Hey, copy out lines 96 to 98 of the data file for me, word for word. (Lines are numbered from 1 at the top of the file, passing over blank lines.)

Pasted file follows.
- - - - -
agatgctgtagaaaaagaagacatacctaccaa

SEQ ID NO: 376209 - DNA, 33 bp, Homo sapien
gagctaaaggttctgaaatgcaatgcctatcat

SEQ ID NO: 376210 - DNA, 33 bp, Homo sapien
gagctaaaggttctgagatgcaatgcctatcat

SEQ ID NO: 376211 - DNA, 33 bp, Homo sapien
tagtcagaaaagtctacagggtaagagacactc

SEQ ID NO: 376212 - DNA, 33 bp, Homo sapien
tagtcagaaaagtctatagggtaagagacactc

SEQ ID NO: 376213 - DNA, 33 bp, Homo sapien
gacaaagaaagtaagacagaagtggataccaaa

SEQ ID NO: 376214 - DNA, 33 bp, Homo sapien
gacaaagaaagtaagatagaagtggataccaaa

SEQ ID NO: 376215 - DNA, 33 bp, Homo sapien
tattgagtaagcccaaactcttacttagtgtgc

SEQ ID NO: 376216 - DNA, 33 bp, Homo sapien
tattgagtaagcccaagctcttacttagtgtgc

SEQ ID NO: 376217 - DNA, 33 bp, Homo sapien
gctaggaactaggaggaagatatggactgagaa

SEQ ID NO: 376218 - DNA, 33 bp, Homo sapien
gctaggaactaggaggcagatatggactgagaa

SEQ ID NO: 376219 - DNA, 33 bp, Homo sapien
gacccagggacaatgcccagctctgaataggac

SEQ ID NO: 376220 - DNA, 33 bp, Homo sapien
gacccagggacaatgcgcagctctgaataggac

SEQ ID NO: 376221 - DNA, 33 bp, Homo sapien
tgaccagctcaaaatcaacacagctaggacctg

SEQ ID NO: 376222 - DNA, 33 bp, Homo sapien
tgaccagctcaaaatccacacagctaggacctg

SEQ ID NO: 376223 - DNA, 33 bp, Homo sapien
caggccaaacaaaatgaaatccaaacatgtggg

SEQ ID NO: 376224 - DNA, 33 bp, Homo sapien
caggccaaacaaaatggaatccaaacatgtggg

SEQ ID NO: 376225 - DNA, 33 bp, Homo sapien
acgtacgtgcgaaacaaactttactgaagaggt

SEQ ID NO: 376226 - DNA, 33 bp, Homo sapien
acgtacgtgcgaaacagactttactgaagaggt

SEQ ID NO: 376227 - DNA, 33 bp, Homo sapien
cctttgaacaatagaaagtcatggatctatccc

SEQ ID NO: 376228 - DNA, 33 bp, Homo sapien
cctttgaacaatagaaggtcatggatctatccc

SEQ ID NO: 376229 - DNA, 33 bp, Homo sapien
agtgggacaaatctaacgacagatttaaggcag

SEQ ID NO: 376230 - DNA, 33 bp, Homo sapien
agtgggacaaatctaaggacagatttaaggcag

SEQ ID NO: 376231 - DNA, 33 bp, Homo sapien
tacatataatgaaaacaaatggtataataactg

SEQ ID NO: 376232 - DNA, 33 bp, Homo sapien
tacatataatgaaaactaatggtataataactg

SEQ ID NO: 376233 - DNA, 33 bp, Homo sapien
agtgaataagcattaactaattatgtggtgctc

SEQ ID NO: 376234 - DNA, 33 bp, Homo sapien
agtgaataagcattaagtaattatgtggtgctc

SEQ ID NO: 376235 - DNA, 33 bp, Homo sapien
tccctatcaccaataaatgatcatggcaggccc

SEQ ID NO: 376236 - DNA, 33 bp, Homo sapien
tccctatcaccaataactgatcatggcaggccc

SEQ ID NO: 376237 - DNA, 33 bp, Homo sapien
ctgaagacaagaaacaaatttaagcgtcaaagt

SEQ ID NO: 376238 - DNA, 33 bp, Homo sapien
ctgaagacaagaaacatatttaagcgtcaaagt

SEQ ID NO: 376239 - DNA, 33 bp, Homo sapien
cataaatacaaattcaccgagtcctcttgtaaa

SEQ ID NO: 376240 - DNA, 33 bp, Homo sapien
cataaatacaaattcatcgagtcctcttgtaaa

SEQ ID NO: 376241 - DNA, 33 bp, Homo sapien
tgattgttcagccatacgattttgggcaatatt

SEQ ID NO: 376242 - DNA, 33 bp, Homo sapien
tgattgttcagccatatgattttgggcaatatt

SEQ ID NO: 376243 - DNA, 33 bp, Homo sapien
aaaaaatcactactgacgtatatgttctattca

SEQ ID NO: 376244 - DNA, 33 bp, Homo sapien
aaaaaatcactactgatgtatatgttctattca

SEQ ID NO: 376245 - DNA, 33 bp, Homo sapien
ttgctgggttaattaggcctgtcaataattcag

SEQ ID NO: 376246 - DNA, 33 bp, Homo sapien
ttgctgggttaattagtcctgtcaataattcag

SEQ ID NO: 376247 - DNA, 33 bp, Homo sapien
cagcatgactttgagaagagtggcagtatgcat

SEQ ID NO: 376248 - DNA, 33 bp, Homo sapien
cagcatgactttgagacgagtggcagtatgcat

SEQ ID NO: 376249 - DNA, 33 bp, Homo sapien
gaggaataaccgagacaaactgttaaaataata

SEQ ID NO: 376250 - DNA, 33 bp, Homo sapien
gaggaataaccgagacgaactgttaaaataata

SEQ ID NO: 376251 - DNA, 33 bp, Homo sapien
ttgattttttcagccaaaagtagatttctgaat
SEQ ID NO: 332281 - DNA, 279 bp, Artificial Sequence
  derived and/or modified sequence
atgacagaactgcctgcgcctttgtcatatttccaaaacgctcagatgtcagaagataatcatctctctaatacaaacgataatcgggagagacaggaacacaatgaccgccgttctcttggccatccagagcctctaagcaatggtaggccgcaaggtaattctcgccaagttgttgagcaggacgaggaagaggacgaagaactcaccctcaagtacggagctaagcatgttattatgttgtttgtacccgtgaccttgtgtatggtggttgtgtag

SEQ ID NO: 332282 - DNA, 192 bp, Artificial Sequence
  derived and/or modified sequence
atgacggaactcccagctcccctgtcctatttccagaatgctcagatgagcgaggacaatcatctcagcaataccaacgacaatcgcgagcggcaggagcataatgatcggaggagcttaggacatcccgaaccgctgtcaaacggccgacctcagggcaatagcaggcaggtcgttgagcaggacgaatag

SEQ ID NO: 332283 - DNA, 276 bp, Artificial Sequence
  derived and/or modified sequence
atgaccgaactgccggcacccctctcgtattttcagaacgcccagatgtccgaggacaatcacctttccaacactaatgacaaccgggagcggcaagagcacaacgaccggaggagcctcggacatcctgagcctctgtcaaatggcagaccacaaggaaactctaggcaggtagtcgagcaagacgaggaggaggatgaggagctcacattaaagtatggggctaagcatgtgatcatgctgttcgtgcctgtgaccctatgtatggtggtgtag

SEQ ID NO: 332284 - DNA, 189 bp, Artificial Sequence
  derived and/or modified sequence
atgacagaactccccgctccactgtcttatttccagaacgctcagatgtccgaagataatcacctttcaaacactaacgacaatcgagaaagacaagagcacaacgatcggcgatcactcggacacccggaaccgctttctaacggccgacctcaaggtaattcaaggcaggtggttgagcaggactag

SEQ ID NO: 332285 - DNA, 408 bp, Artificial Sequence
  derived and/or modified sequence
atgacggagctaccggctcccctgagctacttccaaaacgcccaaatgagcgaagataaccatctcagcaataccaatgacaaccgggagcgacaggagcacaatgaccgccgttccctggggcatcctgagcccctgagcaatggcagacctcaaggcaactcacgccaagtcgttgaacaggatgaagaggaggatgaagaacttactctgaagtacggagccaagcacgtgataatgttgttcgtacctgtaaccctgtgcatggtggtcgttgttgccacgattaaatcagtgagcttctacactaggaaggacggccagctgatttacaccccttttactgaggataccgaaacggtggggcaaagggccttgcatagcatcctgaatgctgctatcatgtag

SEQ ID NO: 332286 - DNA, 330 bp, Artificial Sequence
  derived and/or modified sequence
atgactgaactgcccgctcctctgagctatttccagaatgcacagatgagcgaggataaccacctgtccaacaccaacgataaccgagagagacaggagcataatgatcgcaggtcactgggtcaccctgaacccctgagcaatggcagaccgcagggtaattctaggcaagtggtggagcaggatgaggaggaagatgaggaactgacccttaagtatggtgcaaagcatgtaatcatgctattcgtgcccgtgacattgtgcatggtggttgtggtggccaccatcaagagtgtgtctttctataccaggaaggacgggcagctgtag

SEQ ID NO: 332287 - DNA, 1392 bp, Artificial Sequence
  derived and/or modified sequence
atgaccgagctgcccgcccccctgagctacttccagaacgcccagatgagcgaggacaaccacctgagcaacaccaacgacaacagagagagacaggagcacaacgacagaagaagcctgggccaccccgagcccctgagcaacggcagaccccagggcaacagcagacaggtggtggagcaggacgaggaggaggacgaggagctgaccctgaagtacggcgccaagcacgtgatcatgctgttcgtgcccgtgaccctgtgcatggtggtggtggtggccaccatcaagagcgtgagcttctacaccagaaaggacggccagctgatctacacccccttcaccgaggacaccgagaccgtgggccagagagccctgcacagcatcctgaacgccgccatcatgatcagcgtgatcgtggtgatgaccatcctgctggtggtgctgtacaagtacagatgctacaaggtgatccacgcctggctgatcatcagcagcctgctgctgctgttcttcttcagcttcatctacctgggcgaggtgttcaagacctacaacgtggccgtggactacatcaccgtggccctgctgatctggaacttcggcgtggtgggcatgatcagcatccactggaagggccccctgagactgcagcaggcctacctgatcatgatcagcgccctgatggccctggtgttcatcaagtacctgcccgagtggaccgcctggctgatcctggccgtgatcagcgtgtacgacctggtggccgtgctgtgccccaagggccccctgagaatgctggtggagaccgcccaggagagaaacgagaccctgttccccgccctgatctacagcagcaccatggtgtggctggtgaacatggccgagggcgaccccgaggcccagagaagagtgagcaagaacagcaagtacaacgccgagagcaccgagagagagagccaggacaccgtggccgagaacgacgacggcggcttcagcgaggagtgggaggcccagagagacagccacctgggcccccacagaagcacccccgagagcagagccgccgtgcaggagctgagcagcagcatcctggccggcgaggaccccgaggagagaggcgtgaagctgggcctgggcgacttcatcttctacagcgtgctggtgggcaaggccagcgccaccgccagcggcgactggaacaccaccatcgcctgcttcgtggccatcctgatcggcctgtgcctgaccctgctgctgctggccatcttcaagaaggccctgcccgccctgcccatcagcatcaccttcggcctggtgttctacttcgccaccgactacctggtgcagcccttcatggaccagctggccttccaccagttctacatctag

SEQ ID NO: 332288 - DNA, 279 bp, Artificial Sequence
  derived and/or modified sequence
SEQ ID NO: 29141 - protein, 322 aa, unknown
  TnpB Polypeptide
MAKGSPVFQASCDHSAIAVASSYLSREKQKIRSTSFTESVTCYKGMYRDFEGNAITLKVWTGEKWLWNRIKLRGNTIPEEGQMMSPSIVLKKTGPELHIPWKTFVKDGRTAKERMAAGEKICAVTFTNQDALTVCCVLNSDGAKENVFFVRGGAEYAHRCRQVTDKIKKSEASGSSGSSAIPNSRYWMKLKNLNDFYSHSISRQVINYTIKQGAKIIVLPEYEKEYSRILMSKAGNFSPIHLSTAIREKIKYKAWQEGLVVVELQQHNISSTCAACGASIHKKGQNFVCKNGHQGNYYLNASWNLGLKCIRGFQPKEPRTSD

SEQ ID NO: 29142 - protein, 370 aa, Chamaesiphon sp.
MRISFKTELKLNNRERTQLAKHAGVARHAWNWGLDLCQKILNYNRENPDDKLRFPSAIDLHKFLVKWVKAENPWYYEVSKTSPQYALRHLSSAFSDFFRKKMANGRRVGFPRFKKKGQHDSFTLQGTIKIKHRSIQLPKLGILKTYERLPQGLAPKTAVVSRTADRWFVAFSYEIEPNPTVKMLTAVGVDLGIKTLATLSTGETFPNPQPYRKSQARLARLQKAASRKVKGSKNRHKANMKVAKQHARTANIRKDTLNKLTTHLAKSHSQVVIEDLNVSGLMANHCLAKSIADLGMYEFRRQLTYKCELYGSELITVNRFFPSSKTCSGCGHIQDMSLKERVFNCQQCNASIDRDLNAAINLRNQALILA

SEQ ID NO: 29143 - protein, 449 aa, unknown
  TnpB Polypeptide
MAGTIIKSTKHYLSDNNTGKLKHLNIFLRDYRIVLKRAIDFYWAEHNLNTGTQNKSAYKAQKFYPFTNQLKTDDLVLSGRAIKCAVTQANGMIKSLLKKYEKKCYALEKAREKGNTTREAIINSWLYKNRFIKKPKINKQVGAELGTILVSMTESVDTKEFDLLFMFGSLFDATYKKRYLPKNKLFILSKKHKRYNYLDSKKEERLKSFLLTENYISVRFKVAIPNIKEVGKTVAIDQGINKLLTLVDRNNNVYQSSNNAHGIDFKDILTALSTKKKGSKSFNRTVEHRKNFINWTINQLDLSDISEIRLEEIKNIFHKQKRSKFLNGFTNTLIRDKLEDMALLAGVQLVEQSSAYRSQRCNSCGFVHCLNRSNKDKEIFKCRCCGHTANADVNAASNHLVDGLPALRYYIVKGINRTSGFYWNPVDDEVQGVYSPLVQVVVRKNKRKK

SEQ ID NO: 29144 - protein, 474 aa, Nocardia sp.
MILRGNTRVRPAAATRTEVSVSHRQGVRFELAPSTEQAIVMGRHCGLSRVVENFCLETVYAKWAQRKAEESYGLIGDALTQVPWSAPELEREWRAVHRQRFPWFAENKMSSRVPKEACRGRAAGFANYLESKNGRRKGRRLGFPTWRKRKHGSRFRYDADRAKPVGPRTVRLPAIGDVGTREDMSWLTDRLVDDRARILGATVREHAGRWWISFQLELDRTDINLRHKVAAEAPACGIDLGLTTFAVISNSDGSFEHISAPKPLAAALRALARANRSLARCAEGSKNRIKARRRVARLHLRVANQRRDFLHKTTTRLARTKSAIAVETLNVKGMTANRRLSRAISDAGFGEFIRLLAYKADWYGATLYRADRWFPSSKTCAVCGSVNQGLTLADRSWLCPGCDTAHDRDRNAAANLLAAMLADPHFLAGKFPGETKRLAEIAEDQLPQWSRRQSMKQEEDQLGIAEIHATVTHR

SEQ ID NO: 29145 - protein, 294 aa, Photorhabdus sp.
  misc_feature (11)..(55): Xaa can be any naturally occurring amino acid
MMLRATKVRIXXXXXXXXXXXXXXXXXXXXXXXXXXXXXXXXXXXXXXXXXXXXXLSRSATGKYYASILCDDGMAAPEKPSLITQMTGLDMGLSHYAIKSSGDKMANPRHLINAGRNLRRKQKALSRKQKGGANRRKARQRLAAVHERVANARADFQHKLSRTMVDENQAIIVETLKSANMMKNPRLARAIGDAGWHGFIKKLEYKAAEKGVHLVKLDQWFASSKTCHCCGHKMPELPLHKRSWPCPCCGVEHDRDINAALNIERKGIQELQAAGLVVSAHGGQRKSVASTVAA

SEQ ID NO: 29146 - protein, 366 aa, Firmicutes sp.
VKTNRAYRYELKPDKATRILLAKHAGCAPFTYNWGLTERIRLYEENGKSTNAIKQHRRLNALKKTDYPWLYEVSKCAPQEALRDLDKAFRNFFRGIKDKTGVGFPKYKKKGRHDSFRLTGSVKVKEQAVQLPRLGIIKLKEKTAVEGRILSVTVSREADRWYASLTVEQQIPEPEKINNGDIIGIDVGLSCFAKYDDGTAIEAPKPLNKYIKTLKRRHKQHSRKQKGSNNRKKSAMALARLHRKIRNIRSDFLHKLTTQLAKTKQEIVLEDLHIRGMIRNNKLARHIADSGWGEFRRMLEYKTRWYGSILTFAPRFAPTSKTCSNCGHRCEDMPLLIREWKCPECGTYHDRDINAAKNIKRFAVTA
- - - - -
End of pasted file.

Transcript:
atgaccgaactgccggcacccctctcgtattttcagaacgcccagatgtccgaggacaatcacctttccaacactaatgacaaccgggagcggcaagagcacaacgaccggaggagcctcggacatcctgagcctctgtcaaatggcagaccacaaggaaactctaggcaggtagtcgagcaagacgaggaggaggatgaggagctcacattaaagtatggggctaagcatgtgatcatgctgttcgtgcctgtgaccctatgtatggtggtgtag

SEQ ID NO: 332284 - DNA, 189 bp, Artificial Sequence
  derived and/or modified sequence